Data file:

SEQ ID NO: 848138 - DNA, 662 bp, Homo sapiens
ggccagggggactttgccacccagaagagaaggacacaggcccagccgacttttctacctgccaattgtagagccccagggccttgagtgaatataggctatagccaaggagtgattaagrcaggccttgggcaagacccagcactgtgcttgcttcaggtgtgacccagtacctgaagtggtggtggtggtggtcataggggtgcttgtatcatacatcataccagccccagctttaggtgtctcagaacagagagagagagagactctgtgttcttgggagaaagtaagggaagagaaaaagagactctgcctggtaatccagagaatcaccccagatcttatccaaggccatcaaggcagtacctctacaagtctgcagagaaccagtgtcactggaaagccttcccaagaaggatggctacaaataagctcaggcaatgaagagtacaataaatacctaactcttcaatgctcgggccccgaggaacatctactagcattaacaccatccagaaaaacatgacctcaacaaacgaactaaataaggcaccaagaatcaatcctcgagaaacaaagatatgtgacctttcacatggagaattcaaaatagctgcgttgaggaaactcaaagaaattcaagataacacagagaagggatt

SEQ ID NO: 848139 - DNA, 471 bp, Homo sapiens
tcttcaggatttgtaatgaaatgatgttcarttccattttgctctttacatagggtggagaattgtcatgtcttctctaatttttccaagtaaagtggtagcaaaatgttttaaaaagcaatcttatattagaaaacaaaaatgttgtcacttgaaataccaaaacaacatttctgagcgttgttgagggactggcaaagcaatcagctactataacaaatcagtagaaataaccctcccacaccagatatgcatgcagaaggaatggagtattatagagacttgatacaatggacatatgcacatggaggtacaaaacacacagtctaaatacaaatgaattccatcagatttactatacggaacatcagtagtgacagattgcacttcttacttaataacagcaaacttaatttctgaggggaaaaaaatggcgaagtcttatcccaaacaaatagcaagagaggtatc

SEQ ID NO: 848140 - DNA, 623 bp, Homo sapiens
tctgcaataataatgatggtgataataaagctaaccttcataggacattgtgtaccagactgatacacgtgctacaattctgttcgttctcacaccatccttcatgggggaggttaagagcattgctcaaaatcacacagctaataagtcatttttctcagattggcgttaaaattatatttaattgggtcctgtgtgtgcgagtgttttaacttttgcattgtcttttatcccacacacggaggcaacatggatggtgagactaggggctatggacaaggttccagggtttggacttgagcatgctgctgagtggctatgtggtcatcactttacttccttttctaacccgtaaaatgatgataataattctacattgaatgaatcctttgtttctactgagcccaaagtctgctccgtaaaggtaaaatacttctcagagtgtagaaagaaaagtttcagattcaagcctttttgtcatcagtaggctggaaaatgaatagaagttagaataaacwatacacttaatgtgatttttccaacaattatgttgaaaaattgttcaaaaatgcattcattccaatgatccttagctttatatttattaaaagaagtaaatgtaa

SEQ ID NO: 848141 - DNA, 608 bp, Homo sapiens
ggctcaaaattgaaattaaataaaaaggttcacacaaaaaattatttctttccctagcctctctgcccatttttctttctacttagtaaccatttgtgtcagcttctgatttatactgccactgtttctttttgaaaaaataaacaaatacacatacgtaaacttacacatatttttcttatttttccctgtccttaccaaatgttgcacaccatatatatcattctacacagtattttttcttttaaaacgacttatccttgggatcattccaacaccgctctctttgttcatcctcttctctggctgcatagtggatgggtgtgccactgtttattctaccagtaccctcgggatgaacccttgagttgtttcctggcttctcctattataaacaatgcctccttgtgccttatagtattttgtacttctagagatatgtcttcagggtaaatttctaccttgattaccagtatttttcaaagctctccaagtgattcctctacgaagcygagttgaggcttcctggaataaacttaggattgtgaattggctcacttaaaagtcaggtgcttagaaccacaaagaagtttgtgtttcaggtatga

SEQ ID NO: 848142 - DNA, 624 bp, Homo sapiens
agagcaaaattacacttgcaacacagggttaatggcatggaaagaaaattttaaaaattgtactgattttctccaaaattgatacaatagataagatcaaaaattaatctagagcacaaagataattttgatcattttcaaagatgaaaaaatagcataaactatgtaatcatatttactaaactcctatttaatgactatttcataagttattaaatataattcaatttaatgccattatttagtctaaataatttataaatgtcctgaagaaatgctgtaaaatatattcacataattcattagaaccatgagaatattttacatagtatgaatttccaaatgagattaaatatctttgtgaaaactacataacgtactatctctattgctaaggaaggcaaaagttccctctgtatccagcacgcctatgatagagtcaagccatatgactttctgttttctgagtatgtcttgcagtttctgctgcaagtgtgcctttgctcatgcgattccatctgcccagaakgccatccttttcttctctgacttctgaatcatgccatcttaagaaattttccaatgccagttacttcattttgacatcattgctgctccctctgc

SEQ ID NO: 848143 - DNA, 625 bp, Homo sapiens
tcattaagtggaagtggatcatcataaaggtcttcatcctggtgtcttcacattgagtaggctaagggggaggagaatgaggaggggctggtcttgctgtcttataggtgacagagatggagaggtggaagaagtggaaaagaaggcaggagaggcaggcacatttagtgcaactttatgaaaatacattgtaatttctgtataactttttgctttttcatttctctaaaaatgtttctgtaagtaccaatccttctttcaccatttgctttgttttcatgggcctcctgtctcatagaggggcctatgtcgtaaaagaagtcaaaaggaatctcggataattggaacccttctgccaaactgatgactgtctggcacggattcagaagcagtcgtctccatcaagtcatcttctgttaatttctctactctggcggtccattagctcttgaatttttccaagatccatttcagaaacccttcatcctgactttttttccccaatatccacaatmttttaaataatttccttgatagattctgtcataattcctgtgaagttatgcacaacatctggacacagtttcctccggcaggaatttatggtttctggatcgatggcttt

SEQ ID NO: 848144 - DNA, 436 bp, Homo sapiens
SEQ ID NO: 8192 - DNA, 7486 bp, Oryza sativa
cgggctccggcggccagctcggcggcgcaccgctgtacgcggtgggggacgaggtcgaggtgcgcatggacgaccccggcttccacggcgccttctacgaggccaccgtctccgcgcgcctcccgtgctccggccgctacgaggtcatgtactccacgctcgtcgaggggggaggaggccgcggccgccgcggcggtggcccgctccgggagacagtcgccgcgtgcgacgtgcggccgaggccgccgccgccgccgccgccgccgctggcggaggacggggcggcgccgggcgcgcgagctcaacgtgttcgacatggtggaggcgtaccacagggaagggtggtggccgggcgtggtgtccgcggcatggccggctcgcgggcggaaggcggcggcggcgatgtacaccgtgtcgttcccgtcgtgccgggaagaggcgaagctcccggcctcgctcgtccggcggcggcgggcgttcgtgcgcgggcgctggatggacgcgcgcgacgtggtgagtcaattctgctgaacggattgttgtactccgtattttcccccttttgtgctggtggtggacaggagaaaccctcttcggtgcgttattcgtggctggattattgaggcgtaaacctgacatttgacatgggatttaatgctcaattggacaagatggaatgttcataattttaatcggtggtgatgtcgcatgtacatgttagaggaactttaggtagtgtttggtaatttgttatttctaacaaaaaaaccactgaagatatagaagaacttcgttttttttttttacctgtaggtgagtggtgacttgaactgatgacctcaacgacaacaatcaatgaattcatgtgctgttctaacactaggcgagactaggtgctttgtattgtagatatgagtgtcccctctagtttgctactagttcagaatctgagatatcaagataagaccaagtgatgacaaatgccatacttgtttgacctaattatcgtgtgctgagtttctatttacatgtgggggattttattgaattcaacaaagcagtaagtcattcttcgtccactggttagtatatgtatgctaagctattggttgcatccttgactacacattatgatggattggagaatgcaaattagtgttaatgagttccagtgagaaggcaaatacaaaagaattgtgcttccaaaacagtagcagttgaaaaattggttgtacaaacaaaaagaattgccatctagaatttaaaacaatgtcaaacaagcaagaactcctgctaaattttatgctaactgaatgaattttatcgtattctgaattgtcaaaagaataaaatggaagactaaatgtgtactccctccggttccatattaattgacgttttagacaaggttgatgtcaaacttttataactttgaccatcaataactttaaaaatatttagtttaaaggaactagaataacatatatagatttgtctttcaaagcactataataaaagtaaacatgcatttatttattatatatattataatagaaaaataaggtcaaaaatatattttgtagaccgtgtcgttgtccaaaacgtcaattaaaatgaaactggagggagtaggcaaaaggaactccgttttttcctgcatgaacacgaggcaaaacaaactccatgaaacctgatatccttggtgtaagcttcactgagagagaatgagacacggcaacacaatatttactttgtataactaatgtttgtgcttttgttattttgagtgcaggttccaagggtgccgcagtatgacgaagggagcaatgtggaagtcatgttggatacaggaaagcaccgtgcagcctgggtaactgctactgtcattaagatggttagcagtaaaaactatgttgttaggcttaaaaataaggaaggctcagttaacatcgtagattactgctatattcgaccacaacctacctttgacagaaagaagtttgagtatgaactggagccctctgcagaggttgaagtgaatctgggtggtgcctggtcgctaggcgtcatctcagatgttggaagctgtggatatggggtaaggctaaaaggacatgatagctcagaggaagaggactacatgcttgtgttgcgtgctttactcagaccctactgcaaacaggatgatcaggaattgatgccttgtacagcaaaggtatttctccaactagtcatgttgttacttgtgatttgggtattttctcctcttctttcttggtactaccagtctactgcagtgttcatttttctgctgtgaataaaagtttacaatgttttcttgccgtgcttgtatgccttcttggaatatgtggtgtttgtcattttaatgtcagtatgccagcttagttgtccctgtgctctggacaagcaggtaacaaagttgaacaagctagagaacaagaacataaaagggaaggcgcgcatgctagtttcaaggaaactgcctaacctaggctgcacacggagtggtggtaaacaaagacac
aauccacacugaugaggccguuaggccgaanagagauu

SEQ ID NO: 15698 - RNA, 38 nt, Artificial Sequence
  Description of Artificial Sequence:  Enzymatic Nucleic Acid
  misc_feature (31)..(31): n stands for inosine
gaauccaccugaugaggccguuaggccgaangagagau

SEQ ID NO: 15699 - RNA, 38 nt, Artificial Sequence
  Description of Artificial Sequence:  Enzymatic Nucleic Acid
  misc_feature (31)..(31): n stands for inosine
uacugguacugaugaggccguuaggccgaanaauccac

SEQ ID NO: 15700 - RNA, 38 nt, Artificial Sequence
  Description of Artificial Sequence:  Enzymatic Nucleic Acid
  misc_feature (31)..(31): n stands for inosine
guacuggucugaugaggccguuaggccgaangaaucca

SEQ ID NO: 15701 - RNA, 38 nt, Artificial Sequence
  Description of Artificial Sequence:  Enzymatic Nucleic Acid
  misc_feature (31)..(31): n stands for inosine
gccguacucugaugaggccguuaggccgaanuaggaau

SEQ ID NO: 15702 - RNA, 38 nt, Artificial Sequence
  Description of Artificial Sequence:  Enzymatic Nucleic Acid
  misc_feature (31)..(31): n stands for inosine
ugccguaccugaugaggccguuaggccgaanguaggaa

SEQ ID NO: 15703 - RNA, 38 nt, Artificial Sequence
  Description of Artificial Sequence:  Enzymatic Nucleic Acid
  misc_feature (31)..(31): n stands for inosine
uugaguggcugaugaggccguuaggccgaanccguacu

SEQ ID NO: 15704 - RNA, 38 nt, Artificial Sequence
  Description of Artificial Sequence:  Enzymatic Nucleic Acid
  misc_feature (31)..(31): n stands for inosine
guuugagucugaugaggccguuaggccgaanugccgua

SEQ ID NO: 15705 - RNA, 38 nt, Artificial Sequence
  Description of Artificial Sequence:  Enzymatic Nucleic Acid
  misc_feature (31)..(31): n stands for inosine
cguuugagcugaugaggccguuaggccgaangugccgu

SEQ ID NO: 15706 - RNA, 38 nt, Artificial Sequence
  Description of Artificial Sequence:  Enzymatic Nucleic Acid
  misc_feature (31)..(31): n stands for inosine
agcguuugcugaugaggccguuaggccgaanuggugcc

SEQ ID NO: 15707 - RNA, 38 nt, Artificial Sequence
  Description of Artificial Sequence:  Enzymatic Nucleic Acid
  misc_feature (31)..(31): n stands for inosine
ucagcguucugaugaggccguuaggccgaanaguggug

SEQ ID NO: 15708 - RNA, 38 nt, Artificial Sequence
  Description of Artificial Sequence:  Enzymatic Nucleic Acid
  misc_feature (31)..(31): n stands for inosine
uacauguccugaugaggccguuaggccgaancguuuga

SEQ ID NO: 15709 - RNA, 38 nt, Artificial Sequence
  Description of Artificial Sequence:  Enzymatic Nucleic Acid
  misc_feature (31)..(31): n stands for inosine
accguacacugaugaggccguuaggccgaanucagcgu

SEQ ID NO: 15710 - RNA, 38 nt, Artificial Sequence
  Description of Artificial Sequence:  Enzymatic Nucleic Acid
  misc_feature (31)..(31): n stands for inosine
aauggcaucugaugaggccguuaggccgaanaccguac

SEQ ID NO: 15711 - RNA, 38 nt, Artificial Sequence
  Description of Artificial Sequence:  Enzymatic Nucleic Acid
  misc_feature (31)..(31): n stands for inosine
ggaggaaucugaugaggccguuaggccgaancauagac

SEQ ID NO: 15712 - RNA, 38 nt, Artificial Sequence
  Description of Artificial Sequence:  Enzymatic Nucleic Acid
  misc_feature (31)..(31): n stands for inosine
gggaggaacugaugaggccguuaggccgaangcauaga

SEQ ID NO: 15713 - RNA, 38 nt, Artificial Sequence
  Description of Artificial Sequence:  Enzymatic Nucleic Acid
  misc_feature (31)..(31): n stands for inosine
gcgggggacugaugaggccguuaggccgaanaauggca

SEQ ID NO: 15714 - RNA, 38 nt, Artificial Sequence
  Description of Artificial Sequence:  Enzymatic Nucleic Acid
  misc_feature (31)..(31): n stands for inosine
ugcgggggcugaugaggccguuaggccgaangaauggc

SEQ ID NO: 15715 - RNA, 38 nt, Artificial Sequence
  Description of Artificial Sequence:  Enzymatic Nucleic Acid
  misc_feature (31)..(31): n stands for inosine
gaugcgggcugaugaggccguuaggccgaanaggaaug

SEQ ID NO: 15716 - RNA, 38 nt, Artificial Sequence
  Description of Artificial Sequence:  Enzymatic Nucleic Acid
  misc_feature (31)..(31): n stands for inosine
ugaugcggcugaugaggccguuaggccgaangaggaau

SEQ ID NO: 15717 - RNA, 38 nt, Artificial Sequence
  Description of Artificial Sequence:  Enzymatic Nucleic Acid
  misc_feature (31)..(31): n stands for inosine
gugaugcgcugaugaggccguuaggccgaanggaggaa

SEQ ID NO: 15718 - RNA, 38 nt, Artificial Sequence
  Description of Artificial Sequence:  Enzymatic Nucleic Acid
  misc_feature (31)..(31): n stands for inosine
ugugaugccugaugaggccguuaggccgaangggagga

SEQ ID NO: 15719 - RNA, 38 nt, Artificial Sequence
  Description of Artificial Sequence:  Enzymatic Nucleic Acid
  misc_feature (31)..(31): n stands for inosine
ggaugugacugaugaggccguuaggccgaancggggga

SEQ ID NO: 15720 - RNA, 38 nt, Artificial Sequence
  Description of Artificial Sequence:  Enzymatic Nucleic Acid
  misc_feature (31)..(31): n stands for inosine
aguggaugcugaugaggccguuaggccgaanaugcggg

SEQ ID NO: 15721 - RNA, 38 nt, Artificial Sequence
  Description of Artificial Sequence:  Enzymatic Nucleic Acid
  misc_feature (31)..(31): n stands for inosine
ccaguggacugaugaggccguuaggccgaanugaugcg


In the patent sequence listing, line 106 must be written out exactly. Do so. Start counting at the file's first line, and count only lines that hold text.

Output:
  Description of Artificial Sequence:  Enzymatic Nucleic Acid